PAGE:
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Stem-Cell Transplantation in Myocardial Infarction: A Status Report

Michael S. Lee, MD; and Raj R. Makkar, MD
[+] Article and Author Information

From St. Luke's-Roosevelt Hospital Center, College of Physicians and Surgeons, New York, New York, and Cedars-Sinai Medical Center, University of California, Los Angeles School of Medicine, Los Angeles, California.


Potential Financial Conflicts of Interest: None disclosed.

Requests for Single Reprints: Raj R. Makkar, MD, Division of Cardiology, Cardiac Catheterization Laboratory, Cedars-Sinai Medical Center, 8631 West 3rd Street #415E, Los Angeles, CA 90048; e-mail, raj.makkar@cshs.org.

Current Author Addresses: Dr. Lee: Division of Cardiology, St. Luke's-Roosevelt Hospital, 1111 Amsterdam Avenue, New York, NY 10025.

Dr. Makkar: Division of Cardiology, Cardiac Catheterization Laboratory, Cedars-Sinai Medical Center, 8631 West 3rd Street #415E, Los Angeles, CA 90048.


Ann Intern Med. 2004;140(9):729-737. doi:10.7326/0003-4819-140-9-200405040-00013
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Myocardial infarction is the leading cause of congestive heart failure and death in the industrialized world. Current therapy is limited in preventing the progression of ventricular remodeling and congestive heart failure. Recent interest has focused on stem cells, which are undifferentiated and pluripotent cells that can proliferate, potentially self-renew, and differentiate into cardiomyocytes. Myocardial regeneration with stem-cell transplantation is a possible treatment option to reverse the deleterious hemodynamic and neurohormonal effects that occur after myocardial infarction and can lead to congestive heart failure. Various preclinical animal studies show the potential to regenerate myocardium and improve perfusion to the infarct area to improve cardiac function but also suggest that stem cells may have proarrhythmic effects. Early phase I clinical studies indicate that stem-cell transplantation is feasible and may have beneficial effects on ventricular remodeling after myocardial infarction. Future randomized clinical trials will establish the magnitude of the benefit and the effects on arrhythmias after stem-cell therapy.

Figures

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Figure 1.
Improved myocardial perfusion of infarcted anterior wall detected by 201-thallium scintigraphy 3 months after intracoronary transplantation of autologous, mononuclear bone marrow cells subsequent to an acute anterior myocardial infarction.

The images on the left (A ,D, sagittal) and in the middle (B,E ) show the long axis, whereas the images on the right (C, F, frontal) show the short axis of the heart. Initially, the anterior wall, with green apical and anterior regions, had reduced myocardial perfusion (A,B,C). Three months after cell transplantation, the same anterior wall (yellow) revealed a significant improvement in myocardial perfusion (D,E,F). All images were obtained during the exercise phase. Reproduced with permission from Strauer BE, Brehm M, Zeus T, Kostering M, Hernandez A, Sorg RV, et al. Repair of infarcted myocardium by autologous intracoronary mononuclear bone marrow cell transplantation in humans. Circulation. 2002;106:1913-8 (63).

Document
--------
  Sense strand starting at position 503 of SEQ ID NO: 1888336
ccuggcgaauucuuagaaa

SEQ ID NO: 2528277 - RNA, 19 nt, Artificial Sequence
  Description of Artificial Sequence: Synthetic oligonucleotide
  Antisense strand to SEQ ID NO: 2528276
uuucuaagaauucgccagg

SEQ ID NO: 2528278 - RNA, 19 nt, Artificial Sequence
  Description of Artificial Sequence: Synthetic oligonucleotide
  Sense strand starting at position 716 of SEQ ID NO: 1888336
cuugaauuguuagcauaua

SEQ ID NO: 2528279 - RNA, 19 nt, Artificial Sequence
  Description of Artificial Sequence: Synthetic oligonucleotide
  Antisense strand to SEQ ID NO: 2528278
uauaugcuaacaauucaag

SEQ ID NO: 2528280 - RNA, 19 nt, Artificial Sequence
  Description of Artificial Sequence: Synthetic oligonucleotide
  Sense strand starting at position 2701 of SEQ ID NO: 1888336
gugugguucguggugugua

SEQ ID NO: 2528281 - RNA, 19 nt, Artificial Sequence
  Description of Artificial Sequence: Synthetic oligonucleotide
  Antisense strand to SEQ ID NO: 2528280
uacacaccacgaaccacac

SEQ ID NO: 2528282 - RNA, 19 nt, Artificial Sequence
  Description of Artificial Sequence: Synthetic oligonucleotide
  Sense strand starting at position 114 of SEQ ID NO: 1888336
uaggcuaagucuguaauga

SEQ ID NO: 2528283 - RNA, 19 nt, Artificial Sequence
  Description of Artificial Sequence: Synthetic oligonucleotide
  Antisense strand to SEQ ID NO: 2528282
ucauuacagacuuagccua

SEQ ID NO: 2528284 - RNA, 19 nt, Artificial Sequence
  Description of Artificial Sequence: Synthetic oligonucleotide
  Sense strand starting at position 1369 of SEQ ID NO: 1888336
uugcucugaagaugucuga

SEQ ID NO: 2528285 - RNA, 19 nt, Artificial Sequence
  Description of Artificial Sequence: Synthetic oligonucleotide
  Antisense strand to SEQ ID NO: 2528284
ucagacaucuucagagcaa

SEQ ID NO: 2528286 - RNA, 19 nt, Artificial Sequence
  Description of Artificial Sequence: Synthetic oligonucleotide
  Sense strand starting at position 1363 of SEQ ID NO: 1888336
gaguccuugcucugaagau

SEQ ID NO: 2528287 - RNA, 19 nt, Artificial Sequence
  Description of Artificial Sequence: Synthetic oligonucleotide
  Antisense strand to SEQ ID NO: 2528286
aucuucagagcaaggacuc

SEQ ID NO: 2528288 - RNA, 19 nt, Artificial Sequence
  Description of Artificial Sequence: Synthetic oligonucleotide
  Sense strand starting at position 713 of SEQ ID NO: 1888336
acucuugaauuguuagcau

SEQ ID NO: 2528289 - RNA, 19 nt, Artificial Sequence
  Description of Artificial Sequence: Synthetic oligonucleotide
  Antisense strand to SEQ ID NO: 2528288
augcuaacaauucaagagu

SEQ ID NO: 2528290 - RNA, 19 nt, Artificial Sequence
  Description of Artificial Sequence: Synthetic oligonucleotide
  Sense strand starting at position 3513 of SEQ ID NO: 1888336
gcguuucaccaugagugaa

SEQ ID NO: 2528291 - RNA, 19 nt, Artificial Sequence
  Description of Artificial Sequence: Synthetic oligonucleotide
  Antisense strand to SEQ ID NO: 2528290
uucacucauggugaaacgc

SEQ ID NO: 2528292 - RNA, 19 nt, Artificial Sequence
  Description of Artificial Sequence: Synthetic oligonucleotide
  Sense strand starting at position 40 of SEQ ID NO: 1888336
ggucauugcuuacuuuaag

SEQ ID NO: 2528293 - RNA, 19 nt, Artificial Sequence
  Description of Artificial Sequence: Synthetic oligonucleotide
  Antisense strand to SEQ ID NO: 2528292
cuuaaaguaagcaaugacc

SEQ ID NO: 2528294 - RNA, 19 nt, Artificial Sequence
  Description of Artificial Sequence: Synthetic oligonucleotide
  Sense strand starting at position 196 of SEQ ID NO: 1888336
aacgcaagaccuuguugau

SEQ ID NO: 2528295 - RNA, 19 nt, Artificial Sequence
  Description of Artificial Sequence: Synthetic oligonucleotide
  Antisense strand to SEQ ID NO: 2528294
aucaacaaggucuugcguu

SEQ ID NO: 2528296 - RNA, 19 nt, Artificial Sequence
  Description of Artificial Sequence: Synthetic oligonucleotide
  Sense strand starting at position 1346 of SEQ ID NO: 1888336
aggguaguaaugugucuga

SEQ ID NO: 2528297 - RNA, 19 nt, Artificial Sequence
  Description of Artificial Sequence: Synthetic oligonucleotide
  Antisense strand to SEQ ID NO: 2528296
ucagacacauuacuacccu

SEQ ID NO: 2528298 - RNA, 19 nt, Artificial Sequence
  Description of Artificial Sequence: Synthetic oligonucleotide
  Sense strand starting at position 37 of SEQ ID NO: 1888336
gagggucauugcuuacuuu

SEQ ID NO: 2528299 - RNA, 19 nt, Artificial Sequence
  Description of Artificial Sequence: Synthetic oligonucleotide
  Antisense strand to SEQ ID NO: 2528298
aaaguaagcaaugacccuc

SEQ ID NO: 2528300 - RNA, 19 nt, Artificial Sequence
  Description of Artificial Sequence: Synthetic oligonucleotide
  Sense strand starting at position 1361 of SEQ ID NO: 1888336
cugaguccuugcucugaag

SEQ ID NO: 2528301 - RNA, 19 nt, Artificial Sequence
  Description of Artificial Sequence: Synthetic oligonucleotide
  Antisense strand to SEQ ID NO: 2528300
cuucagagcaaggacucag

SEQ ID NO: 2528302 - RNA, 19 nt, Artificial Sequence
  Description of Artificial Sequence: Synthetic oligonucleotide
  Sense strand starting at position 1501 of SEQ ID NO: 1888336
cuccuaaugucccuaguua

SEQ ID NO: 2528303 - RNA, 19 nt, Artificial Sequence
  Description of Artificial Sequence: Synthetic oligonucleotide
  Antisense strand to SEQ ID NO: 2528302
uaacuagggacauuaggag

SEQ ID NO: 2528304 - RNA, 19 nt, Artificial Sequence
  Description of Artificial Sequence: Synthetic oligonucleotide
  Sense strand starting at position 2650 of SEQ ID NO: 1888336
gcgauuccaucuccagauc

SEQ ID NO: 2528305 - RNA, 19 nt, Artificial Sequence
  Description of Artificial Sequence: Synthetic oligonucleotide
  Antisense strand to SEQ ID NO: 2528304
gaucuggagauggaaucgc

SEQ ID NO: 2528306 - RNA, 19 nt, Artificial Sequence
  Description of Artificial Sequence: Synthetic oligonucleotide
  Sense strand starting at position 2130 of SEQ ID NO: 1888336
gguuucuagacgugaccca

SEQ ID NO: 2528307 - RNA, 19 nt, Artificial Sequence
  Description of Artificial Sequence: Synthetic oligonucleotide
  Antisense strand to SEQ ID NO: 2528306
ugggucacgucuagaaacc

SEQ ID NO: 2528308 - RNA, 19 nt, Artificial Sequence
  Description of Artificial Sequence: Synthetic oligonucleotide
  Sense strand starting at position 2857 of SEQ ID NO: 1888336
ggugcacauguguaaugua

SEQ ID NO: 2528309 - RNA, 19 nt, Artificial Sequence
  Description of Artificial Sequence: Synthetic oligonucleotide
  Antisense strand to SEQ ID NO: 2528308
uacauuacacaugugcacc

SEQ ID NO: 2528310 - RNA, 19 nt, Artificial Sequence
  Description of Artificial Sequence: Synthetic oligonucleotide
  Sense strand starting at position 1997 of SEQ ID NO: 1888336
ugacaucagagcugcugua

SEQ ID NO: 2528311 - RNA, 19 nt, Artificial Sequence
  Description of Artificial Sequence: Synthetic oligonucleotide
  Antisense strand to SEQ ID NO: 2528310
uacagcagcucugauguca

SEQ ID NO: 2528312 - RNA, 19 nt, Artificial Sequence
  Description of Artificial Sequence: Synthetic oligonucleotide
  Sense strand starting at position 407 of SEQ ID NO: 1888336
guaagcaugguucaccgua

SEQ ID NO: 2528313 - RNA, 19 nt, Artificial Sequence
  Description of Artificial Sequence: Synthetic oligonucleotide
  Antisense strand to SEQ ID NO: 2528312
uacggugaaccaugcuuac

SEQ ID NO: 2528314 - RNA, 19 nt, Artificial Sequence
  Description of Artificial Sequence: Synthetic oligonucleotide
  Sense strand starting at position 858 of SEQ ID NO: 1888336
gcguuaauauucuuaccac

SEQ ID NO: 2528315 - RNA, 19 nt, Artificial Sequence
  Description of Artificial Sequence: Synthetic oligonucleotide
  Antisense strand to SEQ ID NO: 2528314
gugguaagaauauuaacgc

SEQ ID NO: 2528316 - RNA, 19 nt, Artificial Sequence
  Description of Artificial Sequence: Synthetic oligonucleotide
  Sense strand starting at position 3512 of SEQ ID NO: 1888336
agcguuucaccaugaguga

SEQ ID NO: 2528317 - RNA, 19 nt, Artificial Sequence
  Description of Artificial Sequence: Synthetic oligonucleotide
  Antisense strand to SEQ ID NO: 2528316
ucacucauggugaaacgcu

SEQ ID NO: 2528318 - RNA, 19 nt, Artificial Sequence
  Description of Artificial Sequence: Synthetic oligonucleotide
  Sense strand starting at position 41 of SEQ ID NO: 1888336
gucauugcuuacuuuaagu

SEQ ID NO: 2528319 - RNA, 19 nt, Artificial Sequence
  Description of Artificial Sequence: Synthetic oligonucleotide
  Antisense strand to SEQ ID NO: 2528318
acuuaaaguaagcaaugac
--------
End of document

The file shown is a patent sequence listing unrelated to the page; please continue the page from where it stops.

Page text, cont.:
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Figure 2.
Representative sequence of 2 septal endomyocardial injections.

A. Overlay to identify the 4 cardiac chambers and pulmonary artery, as well as the intracardiac-guiding catheter-receiver coil. B. Intracardiac-guiding catheter-receiver coil directed toward the interventricular septum without making direct contact.C. The spring-loaded 27-gauge injection needle (Stiletto; Boston Scientific, Maple Grove, Minnesota) is extended from the guiding catheter and engages the apical septum of the left ventricle. D.The same view with saturation preparation for background suppression. The first injection of gadolinium appears bright (arrow).E. The second injection is made 1 minute later, more proximally along the septum, with the same imaging plane as before. Gadolinium from the first, more distal, injection site remains visible.F. After saturation pulses are stopped, both injections remain visible in the myocardium. Injections typically remained visible for more than 10 minutes. Reproduced with permission from Lederman RJ, Guttman MA, Peters DC, Thompson RB, Sorger JM, Dick AJ, et al. Catheter-based endomyocardial injection with real-time magnetic resonance imaging. Circulation. 2002;105:1282-4 (75).

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Summary for Patients

Can Stem Cells Restore Cardiac Tissue after a Heart Attack?

The summary below is from the full report titled “Stem-Cell Transplantation in Myocardial Infarction: A Status Report.” It is in the 4 May 2004 issue of Annals of Internal Medicine (volume 140, pages 729-737). The authors are M.S. Lee and R.R. Makkar.

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